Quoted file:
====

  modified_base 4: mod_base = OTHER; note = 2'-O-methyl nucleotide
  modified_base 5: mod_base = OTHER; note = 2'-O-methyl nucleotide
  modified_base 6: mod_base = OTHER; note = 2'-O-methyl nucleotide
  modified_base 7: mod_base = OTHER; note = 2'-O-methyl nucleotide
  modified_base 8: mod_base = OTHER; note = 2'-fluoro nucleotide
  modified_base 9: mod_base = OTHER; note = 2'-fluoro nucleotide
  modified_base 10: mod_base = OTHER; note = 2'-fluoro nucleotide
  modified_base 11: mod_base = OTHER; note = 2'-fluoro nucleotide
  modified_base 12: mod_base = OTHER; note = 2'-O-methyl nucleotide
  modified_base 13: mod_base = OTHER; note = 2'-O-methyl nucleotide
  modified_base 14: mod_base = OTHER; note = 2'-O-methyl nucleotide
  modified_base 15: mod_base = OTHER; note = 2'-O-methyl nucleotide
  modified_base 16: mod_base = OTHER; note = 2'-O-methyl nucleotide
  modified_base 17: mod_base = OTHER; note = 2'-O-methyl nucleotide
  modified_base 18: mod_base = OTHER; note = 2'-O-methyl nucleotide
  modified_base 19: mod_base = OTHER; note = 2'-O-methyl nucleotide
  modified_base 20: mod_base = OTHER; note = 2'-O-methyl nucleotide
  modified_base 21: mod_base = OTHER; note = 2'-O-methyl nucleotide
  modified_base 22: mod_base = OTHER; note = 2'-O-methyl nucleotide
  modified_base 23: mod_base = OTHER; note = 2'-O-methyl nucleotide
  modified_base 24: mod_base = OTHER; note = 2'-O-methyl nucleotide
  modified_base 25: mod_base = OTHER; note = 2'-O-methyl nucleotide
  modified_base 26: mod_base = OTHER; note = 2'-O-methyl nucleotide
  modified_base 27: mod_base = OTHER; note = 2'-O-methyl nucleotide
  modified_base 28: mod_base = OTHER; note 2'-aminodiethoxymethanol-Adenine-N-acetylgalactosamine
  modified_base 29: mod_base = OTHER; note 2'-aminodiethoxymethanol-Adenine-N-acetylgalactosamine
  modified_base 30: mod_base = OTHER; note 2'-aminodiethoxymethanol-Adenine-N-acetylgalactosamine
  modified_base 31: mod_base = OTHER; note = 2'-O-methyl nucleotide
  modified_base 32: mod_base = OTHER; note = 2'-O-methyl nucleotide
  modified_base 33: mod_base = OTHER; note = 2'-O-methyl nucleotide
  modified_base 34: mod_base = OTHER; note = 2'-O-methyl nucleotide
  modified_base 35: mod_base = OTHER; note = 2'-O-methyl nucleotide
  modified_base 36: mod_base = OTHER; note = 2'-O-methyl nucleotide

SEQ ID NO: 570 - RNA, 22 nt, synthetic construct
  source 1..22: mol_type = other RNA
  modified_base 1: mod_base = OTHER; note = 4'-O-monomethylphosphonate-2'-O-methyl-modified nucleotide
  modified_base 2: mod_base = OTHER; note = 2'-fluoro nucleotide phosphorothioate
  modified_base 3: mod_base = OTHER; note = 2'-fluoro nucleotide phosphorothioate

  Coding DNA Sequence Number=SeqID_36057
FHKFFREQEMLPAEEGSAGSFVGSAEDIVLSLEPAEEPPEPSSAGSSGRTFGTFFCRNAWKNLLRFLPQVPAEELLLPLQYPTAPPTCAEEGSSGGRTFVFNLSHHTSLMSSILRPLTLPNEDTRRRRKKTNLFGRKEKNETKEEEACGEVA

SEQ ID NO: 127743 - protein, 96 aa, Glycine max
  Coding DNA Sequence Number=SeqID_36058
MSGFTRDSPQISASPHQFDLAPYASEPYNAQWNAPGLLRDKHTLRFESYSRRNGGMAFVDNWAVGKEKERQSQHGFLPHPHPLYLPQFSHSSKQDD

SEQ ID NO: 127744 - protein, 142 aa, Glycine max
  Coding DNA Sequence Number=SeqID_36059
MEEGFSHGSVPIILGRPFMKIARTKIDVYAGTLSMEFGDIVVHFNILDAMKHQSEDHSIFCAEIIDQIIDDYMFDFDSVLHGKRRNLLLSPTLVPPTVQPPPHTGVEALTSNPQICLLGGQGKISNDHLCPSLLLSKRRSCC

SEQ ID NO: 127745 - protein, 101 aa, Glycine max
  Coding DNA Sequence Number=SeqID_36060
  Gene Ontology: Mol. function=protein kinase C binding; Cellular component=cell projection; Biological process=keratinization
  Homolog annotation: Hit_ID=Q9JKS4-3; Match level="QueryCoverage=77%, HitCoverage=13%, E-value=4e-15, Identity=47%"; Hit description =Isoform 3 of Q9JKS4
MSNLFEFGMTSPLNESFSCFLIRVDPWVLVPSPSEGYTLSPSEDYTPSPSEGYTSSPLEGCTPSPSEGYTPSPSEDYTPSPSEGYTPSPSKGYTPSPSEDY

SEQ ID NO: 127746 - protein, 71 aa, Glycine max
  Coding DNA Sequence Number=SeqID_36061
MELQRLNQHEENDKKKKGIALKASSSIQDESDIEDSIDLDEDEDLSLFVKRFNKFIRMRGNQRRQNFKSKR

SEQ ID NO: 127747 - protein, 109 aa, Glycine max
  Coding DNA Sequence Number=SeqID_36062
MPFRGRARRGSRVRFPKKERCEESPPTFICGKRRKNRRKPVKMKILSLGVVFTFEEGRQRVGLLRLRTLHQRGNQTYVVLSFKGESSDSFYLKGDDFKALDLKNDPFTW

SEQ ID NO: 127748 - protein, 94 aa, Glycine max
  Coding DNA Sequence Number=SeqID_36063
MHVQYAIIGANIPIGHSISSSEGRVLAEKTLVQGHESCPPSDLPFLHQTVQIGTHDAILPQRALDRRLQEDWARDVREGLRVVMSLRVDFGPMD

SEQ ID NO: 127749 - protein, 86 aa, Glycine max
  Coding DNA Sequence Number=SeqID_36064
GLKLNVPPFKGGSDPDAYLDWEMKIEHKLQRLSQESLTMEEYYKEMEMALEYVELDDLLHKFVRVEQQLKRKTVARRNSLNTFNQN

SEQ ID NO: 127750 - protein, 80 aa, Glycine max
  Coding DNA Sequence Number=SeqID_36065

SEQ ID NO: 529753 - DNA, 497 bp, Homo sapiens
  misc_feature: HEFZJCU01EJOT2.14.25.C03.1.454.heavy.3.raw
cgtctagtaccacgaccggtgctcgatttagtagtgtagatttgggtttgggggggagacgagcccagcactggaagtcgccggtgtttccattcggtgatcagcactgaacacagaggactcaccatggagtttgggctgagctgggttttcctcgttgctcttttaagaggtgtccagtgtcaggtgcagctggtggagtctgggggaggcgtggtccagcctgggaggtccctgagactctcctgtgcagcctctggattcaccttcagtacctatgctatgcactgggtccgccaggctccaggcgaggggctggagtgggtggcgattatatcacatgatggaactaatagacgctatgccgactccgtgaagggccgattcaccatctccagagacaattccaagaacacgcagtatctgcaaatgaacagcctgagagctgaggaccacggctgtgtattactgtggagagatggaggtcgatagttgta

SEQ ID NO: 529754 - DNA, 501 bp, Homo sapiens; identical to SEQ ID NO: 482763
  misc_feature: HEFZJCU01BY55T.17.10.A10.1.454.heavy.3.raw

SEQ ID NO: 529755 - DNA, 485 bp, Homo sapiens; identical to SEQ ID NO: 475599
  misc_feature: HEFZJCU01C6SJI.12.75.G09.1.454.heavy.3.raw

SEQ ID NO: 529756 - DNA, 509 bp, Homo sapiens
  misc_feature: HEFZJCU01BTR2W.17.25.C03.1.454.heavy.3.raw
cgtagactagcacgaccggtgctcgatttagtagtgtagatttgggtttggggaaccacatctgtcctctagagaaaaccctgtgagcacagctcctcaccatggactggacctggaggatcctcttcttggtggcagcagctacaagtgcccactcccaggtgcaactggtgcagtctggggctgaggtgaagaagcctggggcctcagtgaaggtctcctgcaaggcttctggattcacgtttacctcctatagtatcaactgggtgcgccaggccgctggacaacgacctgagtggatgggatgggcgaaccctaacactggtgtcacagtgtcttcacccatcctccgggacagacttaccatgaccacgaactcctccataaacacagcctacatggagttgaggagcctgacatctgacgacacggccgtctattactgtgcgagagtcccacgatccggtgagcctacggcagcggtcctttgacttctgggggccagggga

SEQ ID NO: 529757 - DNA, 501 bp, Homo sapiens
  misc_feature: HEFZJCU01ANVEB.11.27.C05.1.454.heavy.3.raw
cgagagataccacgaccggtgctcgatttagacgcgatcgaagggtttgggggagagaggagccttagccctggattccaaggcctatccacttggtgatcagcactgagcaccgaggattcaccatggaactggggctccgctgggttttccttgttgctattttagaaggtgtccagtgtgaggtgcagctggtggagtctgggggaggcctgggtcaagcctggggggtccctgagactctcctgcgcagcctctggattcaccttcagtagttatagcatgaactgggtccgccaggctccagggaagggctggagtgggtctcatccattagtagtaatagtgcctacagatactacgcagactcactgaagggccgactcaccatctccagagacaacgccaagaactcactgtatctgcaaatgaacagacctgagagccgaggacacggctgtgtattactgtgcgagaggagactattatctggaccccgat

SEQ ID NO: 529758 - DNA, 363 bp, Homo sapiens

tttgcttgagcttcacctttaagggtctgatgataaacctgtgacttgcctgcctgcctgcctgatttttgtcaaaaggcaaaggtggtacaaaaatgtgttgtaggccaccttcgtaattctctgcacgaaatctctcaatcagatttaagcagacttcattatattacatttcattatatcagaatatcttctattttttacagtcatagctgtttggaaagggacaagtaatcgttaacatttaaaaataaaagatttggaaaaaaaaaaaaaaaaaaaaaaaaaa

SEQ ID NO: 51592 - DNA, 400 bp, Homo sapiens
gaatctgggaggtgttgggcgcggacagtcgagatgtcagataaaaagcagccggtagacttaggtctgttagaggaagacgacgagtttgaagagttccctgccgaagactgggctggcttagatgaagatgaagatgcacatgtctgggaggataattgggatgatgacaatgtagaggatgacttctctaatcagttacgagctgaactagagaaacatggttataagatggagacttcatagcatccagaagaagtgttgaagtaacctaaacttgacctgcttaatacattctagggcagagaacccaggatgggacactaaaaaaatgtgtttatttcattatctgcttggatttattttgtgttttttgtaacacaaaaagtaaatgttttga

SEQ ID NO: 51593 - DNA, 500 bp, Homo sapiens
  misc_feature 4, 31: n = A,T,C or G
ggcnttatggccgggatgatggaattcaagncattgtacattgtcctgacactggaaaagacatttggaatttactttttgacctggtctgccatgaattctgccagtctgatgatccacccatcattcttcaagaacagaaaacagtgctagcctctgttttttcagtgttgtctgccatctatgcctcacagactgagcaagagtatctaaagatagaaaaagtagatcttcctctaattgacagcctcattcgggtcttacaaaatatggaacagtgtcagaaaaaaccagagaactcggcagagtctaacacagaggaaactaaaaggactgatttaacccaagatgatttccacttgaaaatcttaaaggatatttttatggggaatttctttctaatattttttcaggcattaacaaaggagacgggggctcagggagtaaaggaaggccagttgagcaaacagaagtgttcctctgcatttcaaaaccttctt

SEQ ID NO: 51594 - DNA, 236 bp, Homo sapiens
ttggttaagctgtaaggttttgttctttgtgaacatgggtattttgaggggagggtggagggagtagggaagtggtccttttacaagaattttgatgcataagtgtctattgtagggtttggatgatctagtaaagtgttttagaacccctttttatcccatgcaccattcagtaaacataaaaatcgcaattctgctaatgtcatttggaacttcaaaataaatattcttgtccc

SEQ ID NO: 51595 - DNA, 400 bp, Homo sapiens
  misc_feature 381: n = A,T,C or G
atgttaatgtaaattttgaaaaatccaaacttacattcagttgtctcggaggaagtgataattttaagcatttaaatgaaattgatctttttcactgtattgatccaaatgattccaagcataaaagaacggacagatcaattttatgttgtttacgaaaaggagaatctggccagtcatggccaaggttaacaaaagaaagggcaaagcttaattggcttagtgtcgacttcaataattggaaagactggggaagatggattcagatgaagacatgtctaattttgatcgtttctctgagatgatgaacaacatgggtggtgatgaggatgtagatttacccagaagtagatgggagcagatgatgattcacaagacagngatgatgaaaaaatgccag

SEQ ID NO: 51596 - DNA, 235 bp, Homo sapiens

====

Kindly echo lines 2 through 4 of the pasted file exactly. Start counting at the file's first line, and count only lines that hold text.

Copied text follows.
  modified_base 5: mod_base = OTHER; note = 2'-O-methyl nucleotide
  modified_base 6: mod_base = OTHER; note = 2'-O-methyl nucleotide
  modified_base 7: mod_base = OTHER; note = 2'-O-methyl nucleotide